British treason law could involve, among other things, “Some association with rioting.”
That whole “Association with Rioting” thing?
Federal prosecutors were attempting to use that against inauguration day protestors, and today, all 6 defendants (over 100 others remain charged) were acquitted of all charges:
The first six people to face trial in Inauguration Day protests that turned destructive in the nation’s capital were acquitted of all charges, a victory not only for the defendants but also for advocates who argued the government overreached in its effort to prosecute more than 200 people arrested as they marched through the city.
Following a nearly four-week trial and two full days of deliberations, a D.C. Superior Court jury delivered not-guilty verdicts Thursday on multiple charges of rioting and destruction of property.
The defendants — including a nurse for cancer patients, a freelance photographer and a college student — joined throngs of protesters who took to the streets Jan. 20 to protest Donald Trump’s election. Prosecutors said the six were among a group that cut a violent swath through 16 blocks of the city, smashing businesses’ windows, tossing newspaper boxes into the street and damaging a limousine. Authorities tallied the damage at more than $100,000.
Jennifer Armento, 38, a Philadelphia woman who was among the six, said the verdict “shows the country that the jury was unwilling to do what the government wanted them to do, which was criminalize dissent.”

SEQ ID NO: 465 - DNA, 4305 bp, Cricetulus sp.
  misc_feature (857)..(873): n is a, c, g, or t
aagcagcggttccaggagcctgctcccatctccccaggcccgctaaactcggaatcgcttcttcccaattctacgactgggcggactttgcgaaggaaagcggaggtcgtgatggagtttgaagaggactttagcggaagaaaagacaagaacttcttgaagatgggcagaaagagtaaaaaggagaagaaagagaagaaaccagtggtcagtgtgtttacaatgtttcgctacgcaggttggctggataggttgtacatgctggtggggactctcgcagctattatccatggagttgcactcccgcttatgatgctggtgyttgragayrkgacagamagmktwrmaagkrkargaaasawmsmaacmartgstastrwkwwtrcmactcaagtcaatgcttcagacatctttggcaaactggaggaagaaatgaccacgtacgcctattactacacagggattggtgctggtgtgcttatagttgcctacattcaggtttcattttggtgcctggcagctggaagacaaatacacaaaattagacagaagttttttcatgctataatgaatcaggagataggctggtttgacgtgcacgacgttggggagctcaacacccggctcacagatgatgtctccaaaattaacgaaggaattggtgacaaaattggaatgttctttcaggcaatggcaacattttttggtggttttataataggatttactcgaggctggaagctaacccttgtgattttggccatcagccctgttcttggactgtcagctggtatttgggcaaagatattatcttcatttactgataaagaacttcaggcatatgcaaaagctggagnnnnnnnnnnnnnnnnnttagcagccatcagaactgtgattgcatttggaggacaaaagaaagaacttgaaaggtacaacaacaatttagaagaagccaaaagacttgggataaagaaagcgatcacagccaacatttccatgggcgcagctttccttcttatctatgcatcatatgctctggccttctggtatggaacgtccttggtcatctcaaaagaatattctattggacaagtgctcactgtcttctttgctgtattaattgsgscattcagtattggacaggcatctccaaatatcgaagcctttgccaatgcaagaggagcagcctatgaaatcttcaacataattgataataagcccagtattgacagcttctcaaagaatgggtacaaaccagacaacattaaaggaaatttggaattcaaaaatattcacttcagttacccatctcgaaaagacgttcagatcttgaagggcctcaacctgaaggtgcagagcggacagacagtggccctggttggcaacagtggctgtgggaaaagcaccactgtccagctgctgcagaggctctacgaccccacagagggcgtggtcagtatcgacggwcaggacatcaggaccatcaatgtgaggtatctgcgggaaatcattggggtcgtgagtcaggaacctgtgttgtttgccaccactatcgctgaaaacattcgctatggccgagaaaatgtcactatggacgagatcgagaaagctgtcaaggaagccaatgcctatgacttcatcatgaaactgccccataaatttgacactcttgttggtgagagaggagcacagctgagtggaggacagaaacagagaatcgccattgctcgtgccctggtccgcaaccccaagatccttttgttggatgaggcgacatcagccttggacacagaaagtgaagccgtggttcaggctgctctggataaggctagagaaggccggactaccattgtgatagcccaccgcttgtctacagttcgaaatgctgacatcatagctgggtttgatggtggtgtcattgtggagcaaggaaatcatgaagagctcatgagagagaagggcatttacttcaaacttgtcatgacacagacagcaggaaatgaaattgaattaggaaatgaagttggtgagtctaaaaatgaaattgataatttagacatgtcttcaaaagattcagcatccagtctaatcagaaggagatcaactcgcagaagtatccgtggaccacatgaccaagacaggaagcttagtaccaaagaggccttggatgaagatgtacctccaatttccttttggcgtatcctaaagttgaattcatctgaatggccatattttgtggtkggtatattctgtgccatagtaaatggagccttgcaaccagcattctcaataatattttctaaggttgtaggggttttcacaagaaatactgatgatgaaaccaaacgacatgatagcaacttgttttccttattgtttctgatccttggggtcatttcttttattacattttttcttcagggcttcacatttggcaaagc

From the start, defense attorneys said their clients and most others in the group of about 500 were peacefully protesting, while only a handful peeled off and became violent. They criticized police for failing to identify those people and said officers unfairly herded a group of about 200 and charged them with rioting.
During his closing argument last week, attorney Steven J. McCool, who represented one of the men on trial, appealed to jurors to protect the “rights of free speech.”
Prosecutors told jurors there was no evidence the six people on trial were personally involved in the vandalism but argued that they chose to remain with the group, essentially providing cover for those who caused the damage.
In his closing argument, Assistant U.S. Attorney Rizwan Qureshi told jurors the group “tore up your city, putting people in danger.”
He presented the jury with the analogy of a bank robbery, likening the defendants to a getaway driver while comparing those who smashed windows to the robber in the bank.
Seriously, the prosecutor’s argument is literally unAmerican.
This prosecution was a contemptible attempt to criminalize legal protest.